Prime Minister Viktor Orbán and Budapest Mayor István Tarlós on Saturday signed a pact on cooperation between the government and capital city.
A key provision of the pact is the establishment of the Budapest Municipal Development Council to be jointly headed by the PM and mayor.
Speaking at a ceremony marking the 145th anniversary of Budapest’s unification, Tarlós said
the agreement would “drive forward Budapest’s sources of funding”.
He insisted that Budapest’s elected mayor and the relevant public bodies would have an influence on the development of the capital “more significant than at any time in the past seventy years”.
“Budapest … is part of Hungarian nation-building and is one of its important achievements,” he said.
Meanwhile, Tarlós and Deputy Mayor Alexandra Szalay-Bobrovniczky handed out prizes for public service and outstanding sporting achievements at the ceremony.
The Pro Urbe Budapest Award was went to Sándor Deák, Deputy Director General of the Budapest Szabó Ervin Library, actress Enikő Eszenyi director of the Vígszínház, József Halzl, honorary chairman of the Rákóczi Association and Attila Vidnyánszky, director of the National Theatre, among others.
Orbán said Budapest stood at the gates of great progress and the next decade would be the most successful in the city’s history. By 2030, Budapest will be among Europe’s most liveable cities and one of its safest, he said at the ceremony marking Budapest Day. Noting the agreement regarding the Budapest Municipal Development Council, he said joint work would have to be carried out with grit and determination.
The prime minister noted the completion of various flagship projects in the capital such as the 4th metro line, the renovation of the Museum of Fine Arts, and sports-related developments such as the Danube Arena and new stadiums.
He also mentioned ongoing reconstruction of the City Park, the Opera House, the Museum of Applied Arts and the refurbishment of Metro 3.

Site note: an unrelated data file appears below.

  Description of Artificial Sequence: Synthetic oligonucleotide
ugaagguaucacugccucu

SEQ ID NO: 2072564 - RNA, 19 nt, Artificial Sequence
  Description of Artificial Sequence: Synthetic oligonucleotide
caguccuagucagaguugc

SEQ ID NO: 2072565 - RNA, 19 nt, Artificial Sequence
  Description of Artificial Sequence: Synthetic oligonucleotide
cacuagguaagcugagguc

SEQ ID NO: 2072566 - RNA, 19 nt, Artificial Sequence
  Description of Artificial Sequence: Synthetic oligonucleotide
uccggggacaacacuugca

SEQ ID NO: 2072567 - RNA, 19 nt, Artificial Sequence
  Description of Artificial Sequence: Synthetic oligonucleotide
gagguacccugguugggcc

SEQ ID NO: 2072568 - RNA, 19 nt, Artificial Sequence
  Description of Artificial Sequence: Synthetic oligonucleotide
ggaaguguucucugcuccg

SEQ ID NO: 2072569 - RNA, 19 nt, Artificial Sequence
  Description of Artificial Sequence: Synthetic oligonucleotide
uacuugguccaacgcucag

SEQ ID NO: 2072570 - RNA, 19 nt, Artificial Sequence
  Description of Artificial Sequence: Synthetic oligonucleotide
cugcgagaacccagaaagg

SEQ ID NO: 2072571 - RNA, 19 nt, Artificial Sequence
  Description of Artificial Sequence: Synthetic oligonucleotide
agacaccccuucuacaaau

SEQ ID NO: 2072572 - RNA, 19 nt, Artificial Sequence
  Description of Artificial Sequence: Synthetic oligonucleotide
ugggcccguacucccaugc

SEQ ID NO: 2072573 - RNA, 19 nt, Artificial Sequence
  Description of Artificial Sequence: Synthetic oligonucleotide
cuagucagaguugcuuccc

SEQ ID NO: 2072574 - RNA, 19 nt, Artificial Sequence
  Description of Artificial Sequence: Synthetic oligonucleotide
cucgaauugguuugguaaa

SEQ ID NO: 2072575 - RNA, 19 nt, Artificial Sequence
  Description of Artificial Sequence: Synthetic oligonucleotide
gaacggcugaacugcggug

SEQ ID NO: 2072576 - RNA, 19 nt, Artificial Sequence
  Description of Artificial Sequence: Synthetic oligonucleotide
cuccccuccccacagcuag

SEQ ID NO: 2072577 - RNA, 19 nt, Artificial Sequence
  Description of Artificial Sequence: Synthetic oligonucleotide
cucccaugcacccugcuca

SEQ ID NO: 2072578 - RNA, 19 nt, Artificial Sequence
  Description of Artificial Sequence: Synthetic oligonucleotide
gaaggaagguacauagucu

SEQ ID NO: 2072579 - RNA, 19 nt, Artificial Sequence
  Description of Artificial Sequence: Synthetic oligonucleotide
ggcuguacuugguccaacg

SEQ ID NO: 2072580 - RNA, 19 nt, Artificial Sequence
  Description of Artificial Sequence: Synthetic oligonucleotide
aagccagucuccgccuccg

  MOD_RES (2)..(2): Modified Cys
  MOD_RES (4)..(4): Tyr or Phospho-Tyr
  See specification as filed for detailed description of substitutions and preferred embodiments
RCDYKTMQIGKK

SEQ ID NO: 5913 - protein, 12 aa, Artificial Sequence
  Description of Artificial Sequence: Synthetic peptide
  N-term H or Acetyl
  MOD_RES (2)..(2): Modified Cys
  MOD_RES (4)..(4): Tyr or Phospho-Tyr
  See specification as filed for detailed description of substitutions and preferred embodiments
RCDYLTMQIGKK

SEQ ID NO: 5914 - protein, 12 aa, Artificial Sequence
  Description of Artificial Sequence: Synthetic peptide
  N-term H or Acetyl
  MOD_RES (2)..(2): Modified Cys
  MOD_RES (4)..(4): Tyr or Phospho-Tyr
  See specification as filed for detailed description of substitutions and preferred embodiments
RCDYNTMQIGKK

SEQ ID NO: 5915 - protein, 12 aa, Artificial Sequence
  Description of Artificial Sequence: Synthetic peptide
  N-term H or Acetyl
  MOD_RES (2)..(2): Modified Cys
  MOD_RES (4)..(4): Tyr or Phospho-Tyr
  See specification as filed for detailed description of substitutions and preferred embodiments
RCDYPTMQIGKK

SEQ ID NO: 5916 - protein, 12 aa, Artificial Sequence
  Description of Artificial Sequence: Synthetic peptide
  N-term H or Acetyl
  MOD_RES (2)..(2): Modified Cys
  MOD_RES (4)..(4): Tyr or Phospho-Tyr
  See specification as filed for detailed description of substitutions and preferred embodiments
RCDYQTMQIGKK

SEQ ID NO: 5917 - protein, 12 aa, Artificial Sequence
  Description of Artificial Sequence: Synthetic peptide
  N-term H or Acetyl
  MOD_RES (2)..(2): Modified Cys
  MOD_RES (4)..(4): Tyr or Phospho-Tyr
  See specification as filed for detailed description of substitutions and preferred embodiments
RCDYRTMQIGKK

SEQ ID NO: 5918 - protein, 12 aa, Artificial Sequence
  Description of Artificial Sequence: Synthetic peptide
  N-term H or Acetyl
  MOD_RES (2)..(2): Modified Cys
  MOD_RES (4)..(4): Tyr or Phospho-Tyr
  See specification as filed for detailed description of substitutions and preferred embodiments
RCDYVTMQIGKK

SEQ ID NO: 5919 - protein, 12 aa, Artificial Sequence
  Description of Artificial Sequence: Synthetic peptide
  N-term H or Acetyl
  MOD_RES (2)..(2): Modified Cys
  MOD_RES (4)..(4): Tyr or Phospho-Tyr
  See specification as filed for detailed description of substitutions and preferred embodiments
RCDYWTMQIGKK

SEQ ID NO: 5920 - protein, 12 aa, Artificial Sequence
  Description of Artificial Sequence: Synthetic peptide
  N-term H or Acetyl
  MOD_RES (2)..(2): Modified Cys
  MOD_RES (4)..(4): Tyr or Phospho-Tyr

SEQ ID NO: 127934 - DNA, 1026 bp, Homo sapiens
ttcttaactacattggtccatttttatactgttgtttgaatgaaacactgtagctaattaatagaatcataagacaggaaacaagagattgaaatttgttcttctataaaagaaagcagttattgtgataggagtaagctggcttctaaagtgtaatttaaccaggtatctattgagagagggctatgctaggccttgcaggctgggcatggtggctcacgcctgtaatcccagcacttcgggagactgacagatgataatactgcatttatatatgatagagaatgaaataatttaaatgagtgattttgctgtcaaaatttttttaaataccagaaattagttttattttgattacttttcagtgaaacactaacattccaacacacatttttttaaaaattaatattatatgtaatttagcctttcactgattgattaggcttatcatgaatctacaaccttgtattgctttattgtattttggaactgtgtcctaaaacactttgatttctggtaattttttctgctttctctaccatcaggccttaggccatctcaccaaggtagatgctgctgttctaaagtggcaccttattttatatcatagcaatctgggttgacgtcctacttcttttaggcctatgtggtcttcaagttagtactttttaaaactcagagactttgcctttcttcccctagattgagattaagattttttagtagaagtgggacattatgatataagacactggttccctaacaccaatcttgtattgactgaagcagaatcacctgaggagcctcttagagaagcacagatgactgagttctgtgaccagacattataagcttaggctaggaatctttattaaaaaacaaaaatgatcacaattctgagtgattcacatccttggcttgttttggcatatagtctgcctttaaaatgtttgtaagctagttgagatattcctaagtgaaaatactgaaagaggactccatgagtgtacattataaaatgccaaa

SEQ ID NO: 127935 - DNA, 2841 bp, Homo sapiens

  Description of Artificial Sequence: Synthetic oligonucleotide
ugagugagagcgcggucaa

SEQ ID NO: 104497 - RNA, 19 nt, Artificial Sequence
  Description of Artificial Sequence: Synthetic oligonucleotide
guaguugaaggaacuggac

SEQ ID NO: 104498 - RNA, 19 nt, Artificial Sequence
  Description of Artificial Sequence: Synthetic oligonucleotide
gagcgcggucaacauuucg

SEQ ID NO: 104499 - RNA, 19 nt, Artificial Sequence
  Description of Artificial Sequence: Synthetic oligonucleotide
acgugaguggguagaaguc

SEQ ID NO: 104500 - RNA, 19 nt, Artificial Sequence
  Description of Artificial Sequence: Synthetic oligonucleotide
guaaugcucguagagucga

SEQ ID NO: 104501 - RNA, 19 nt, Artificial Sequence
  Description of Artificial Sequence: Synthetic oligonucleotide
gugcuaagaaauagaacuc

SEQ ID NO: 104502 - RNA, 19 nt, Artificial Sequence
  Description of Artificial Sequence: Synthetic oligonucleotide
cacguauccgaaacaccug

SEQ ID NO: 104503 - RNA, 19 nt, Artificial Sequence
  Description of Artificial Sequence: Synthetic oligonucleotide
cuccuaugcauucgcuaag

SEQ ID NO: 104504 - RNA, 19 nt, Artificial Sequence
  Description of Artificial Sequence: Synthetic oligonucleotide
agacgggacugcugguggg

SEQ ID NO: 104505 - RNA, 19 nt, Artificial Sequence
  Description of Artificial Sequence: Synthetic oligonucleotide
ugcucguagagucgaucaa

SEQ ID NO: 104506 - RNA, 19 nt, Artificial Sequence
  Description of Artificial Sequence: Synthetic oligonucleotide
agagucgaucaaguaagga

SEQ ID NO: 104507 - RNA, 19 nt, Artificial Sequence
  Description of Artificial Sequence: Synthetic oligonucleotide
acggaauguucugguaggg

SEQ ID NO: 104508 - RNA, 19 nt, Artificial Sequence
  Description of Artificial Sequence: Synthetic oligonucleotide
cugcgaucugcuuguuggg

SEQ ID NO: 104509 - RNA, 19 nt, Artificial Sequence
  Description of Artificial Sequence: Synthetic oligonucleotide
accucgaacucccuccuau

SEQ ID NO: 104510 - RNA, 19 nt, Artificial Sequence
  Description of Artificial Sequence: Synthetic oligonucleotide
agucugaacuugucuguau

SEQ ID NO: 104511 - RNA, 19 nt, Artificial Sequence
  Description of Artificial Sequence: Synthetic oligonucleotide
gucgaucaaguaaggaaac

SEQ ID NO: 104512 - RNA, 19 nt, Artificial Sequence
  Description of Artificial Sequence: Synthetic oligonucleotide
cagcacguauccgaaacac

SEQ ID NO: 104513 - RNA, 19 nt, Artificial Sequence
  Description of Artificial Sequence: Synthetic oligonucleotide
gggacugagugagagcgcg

The council will soon have to make a decision regarding construction of a new modern pentathlon centre and the restoration of historic buildings in the Buda Castle, Orbán said. Also, construction of the new South-Buda central hospital will begin, he added.
“It is a huge task we are undertaking,” Orbán said, referring to developments planned up to 2030. “Budapest must radiate dignity, pride and greatness,” he added.
Referring to the new arrangements, the green opposition LMP party said Budapest was being put under “guardianship” of the prime minister. LMP lawmaker József Gál told a news conference that
the development council was a way of depriving the Budapest Metropolitan Assembly and the city’s inhabitants of their right to decide what kind of city they wanted to live in. It would be better, he said, if people were asked about their desired direction of developments.
The opposition Socialist Party’s Csaba Horváth told journalists that Tarlós would be nothing more than a puppet. He censured the mayor for stating his unqualified support for Fidesz even if the government did not comply with the agreement. He said Budapest needed a genuine cooperation agreement to guarantee that the 20 billion forints Budapest taxpayers pay each day into the city’s coffers would finance public utilities in the capital in a proportionate way.